Who should be punished?

Come and see the blood in the streets.
Come and see
the blood in the streets.
Come and see the blood
in the streets!

– Pablo Neruda

I hope Robinson’s students are debating this as intensely as the readers here. If so, this seems a raging success as a learning exercise.


What is college supposed to be about? Back in my day, younguns, many of us hoped it would be about discovering an intellectual `real world’ beyond the borders of our (mainstream media mediated) conventional ideas. Even now, I’m sure for a few freshpeople that is part of what they hope their college academic experience will provide them.

But that’s not how it generally works out. Most professors care almost exclusively about tenure and the academic mole hill, and besides, they fear where things might go if they did their duty to nurture or even fucking provoke a `worldly’ awareness (however unsettling) in their students. So they think and act `by the book’, keeping their ears to the mainstream world and listening for instructions on which thoughts win points there and which are over the line. Boring.

These profs, of course, have long been intimidated into silence or at best muddled concern over the actions of America’s number one ally Israel, while happily railing on the evils of official U.S. enemies Iran, `the Taliban’, Sudan, and, earlier, Serbia, Saddam, and the Soviets.

Nonetheless, Israel’s razing of Gaza last January compelled UC Santa Barbara professor William Robinson to rashly provoke his `sociology and globalization’ students with an e-mailed photographic comparison of the Gaza and Warsaw ghettoes. Over the line.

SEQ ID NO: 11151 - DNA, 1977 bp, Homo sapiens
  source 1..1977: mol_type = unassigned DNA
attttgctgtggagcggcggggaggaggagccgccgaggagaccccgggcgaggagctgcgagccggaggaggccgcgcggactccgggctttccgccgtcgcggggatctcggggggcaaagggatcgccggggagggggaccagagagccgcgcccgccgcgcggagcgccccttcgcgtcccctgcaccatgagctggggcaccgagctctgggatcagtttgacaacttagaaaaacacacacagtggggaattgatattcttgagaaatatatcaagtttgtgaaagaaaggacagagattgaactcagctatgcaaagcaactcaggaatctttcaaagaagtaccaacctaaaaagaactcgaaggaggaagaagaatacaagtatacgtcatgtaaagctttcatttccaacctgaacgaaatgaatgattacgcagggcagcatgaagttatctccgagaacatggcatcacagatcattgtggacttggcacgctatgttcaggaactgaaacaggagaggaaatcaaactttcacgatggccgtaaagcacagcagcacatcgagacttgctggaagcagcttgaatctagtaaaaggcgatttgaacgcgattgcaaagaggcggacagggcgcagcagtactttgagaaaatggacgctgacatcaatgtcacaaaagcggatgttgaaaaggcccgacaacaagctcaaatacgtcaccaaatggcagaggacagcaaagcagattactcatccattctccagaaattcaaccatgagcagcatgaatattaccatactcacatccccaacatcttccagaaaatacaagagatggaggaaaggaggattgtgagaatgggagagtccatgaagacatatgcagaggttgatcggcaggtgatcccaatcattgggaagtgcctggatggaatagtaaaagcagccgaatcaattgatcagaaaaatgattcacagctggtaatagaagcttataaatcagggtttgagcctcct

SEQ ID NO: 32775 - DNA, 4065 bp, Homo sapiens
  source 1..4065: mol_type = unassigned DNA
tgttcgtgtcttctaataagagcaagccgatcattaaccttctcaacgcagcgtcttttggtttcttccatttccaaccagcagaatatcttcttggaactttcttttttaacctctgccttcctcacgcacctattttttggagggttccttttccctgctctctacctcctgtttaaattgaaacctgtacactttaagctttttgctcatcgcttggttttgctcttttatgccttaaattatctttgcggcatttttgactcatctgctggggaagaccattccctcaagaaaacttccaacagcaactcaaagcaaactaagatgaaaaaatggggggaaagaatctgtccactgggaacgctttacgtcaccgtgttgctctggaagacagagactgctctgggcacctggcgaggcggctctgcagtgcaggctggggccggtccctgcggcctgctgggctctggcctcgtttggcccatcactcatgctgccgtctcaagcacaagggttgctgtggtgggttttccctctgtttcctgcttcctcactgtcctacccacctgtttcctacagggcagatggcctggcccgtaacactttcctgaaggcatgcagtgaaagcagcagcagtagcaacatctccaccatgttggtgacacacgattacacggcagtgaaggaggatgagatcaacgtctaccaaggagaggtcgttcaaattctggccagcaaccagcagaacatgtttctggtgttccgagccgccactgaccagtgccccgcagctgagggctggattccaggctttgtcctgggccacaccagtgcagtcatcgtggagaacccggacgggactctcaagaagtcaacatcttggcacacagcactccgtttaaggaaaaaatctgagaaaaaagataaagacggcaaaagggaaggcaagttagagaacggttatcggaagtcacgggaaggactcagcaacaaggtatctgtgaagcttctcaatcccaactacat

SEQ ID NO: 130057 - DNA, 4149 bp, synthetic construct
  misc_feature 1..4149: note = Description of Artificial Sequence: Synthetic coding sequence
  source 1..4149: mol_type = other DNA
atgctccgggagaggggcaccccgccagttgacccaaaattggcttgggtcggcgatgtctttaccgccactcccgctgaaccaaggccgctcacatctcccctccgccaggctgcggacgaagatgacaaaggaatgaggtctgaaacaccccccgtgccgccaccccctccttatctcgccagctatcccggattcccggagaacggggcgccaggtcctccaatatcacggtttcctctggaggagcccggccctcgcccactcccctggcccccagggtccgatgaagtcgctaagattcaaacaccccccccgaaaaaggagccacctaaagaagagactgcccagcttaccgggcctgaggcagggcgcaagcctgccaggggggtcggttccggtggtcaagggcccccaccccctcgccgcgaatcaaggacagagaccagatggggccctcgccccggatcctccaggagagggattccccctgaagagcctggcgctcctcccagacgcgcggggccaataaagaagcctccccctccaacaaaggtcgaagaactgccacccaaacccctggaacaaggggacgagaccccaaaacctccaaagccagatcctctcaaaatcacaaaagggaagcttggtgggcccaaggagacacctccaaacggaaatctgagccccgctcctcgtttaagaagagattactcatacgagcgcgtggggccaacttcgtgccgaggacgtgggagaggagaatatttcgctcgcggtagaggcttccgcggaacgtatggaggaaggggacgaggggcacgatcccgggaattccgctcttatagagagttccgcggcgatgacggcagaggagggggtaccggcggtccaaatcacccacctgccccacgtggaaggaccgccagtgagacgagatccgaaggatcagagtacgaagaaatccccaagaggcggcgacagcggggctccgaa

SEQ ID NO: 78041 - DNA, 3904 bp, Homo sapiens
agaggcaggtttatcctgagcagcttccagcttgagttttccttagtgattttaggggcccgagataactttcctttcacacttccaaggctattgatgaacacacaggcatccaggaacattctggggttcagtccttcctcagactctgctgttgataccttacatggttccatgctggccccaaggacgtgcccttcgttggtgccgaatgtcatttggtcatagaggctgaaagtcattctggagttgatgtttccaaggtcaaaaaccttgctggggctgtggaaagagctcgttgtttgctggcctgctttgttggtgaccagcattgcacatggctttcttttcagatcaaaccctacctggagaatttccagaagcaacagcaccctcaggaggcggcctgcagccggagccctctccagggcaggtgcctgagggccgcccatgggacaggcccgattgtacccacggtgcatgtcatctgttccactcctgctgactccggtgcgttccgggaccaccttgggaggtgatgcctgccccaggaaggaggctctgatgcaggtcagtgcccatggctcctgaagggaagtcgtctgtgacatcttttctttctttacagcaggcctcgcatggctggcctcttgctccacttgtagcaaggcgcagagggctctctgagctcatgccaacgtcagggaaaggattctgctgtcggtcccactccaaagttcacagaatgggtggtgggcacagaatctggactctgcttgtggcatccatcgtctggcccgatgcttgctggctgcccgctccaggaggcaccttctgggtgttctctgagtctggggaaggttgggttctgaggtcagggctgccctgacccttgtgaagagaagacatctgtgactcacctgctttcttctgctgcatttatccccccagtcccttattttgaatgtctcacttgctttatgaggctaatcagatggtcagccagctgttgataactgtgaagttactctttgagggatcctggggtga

Two of his 80 students complained, saying the Jewish professor was anti-Semitic. Because criticism of Israel is anti-Semitic, and because comparisons between barbed-wire-enclosed ghettoes – no one in or out enforced with deadly force – created by Nazi-era Germany and GWOT-era Israel are anti-Semitic.
The comparison is and was imprecise and deliberately provocative, but that sometimes works as a teaching strategy for getting intellectually `off their ass’ the many young Americans exceptionally limited in social and political awareness. In fact, why couldn’t the comparison and its limits have produced a consciousness-raising in-class debate instead of the academic terrorization of a professor? I bet the former is what was hoped for by Robinson.

As ProfEd said at the `Inside Higher Education’ article on the controversy:

a raging success

Posted by ProfEd on April 24, 2009 at 5:30am EDT

I hope Robinson’s students are debating this as intensely as the readers here. If so, this seems a raging success as a learning exercise.

Unfortunately, instead, maybe William Robinson will follow Normal Finkelstein as the next Jewish professor to lose his job for criticizing the evil Israel does to the Palestinians. I hope not. Please sign the petition and otherwise help the guy out.

A few other interesting comments at the `Inside Higher Education’ article on Robinson:

(My favorite)

I completely agree …

Posted by Jonathan Swift, emeritus at school of hard knocks on April 26, 2009 at 5:15am EDT

… with Ken Waltzer that criticism of Israel should be stifled. But I also agree with Ken Waltzer that we must pretend that there is some hypothetical critic of Israel we would condone. I agree that, in order to appear reasonable, we should limit our condemnation of Prof. Robinson. If Prof. Robinson is canned, it will certainly teach Israel’s critics a lesson that their self-preservation requires silence. But if we state openly that criticism of Israel is the cause, we may not win a lot of genuine support.